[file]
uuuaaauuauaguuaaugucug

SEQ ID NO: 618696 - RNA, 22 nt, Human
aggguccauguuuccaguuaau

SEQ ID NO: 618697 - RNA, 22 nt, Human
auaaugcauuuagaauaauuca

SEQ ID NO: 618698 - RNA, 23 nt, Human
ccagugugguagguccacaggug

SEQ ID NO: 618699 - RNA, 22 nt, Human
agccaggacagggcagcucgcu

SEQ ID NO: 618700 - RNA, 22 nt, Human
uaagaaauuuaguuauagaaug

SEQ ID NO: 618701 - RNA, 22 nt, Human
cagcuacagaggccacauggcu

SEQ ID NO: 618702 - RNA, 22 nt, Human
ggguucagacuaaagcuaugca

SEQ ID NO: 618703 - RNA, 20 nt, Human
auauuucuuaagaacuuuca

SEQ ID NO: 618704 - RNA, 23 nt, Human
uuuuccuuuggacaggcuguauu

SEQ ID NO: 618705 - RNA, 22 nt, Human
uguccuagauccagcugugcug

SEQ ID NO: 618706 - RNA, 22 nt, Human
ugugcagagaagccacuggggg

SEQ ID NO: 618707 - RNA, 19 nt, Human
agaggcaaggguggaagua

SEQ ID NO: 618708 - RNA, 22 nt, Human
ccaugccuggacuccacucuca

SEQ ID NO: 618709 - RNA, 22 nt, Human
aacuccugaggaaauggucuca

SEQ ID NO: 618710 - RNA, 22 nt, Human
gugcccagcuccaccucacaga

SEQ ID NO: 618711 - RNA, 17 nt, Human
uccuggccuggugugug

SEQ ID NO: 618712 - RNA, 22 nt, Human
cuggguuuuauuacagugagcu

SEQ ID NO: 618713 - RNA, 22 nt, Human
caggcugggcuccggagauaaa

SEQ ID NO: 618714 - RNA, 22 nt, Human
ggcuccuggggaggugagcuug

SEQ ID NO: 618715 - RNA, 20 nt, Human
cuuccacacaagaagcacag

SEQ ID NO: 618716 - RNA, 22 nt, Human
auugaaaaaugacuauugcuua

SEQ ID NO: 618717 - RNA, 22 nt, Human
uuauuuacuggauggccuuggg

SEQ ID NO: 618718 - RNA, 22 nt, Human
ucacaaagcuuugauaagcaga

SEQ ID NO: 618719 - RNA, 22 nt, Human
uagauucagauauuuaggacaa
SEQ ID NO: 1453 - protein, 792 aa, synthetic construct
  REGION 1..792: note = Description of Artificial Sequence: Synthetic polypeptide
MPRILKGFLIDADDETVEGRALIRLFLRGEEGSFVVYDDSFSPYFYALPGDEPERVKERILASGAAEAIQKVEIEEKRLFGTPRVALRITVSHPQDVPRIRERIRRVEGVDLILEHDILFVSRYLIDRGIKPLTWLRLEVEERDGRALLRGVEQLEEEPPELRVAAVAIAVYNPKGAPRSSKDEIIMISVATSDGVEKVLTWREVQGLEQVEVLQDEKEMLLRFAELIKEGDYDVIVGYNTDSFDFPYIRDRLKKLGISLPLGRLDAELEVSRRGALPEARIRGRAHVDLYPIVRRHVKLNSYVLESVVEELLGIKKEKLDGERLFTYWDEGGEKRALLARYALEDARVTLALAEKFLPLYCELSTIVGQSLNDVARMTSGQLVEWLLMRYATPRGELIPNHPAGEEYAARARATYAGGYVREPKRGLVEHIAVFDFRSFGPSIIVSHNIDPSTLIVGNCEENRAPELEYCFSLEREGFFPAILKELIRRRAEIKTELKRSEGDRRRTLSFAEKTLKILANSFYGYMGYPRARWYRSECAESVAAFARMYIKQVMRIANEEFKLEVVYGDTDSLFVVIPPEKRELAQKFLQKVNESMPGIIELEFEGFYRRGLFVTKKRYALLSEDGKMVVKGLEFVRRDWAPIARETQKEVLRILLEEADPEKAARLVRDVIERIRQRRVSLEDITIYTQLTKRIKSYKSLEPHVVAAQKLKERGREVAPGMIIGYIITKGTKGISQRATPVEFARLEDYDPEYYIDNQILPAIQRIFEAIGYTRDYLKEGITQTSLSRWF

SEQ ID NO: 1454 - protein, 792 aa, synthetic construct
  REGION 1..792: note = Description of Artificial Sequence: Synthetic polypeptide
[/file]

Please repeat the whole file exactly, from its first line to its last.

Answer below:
uuuaaauuauaguuaaugucug

SEQ ID NO: 618696 - RNA, 22 nt, Human
aggguccauguuuccaguuaau

SEQ ID NO: 618697 - RNA, 22 nt, Human
auaaugcauuuagaauaauuca

SEQ ID NO: 618698 - RNA, 23 nt, Human
ccagugugguagguccacaggug

SEQ ID NO: 618699 - RNA, 22 nt, Human
agccaggacagggcagcucgcu

SEQ ID NO: 618700 - RNA, 22 nt, Human
uaagaaauuuaguuauagaaug

SEQ ID NO: 618701 - RNA, 22 nt, Human
cagcuacagaggccacauggcu

SEQ ID NO: 618702 - RNA, 22 nt, Human
ggguucagacuaaagcuaugca

SEQ ID NO: 618703 - RNA, 20 nt, Human
auauuucuuaagaacuuuca

SEQ ID NO: 618704 - RNA, 23 nt, Human
uuuuccuuuggacaggcuguauu

SEQ ID NO: 618705 - RNA, 22 nt, Human
uguccuagauccagcugugcug

SEQ ID NO: 618706 - RNA, 22 nt, Human
ugugcagagaagccacuggggg

SEQ ID NO: 618707 - RNA, 19 nt, Human
agaggcaaggguggaagua

SEQ ID NO: 618708 - RNA, 22 nt, Human
ccaugccuggacuccacucuca

SEQ ID NO: 618709 - RNA, 22 nt, Human
aacuccugaggaaauggucuca

SEQ ID NO: 618710 - RNA, 22 nt, Human
gugcccagcuccaccucacaga

SEQ ID NO: 618711 - RNA, 17 nt, Human
uccuggccuggugugug

SEQ ID NO: 618712 - RNA, 22 nt, Human
cuggguuuuauuacagugagcu

SEQ ID NO: 618713 - RNA, 22 nt, Human
caggcugggcuccggagauaaa

SEQ ID NO: 618714 - RNA, 22 nt, Human
ggcuccuggggaggugagcuug

SEQ ID NO: 618715 - RNA, 20 nt, Human
cuuccacacaagaagcacag

SEQ ID NO: 618716 - RNA, 22 nt, Human
auugaaaaaugacuauugcuua

SEQ ID NO: 618717 - RNA, 22 nt, Human
uuauuuacuggauggccuuggg

SEQ ID NO: 618718 - RNA, 22 nt, Human
ucacaaagcuuugauaagcaga

SEQ ID NO: 618719 - RNA, 22 nt, Human
uagauucagauauuuaggacaa
SEQ ID NO: 1453 - protein, 792 aa, synthetic construct
  REGION 1..792: note = Description of Artificial Sequence: Synthetic polypeptide
MPRILKGFLIDADDETVEGRALIRLFLRGEEGSFVVYDDSFSPYFYALPGDEPERVKERILASGAAEAIQKVEIEEKRLFGTPRVALRITVSHPQDVPRIRERIRRVEGVDLILEHDILFVSRYLIDRGIKPLTWLRLEVEERDGRALLRGVEQLEEEPPELRVAAVAIAVYNPKGAPRSSKDEIIMISVATSDGVEKVLTWREVQGLEQVEVLQDEKEMLLRFAELIKEGDYDVIVGYNTDSFDFPYIRDRLKKLGISLPLGRLDAELEVSRRGALPEARIRGRAHVDLYPIVRRHVKLNSYVLESVVEELLGIKKEKLDGERLFTYWDEGGEKRALLARYALEDARVTLALAEKFLPLYCELSTIVGQSLNDVARMTSGQLVEWLLMRYATPRGELIPNHPAGEEYAARARATYAGGYVREPKRGLVEHIAVFDFRSFGPSIIVSHNIDPSTLIVGNCEENRAPELEYCFSLEREGFFPAILKELIRRRAEIKTELKRSEGDRRRTLSFAEKTLKILANSFYGYMGYPRARWYRSECAESVAAFARMYIKQVMRIANEEFKLEVVYGDTDSLFVVIPPEKRELAQKFLQKVNESMPGIIELEFEGFYRRGLFVTKKRYALLSEDGKMVVKGLEFVRRDWAPIARETQKEVLRILLEEADPEKAARLVRDVIERIRQRRVSLEDITIYTQLTKRIKSYKSLEPHVVAAQKLKERGREVAPGMIIGYIITKGTKGISQRATPVEFARLEDYDPEYYIDNQILPAIQRIFEAIGYTRDYLKEGITQTSLSRWF

SEQ ID NO: 1454 - protein, 792 aa, synthetic construct
  REGION 1..792: note = Description of Artificial Sequence: Synthetic polypeptide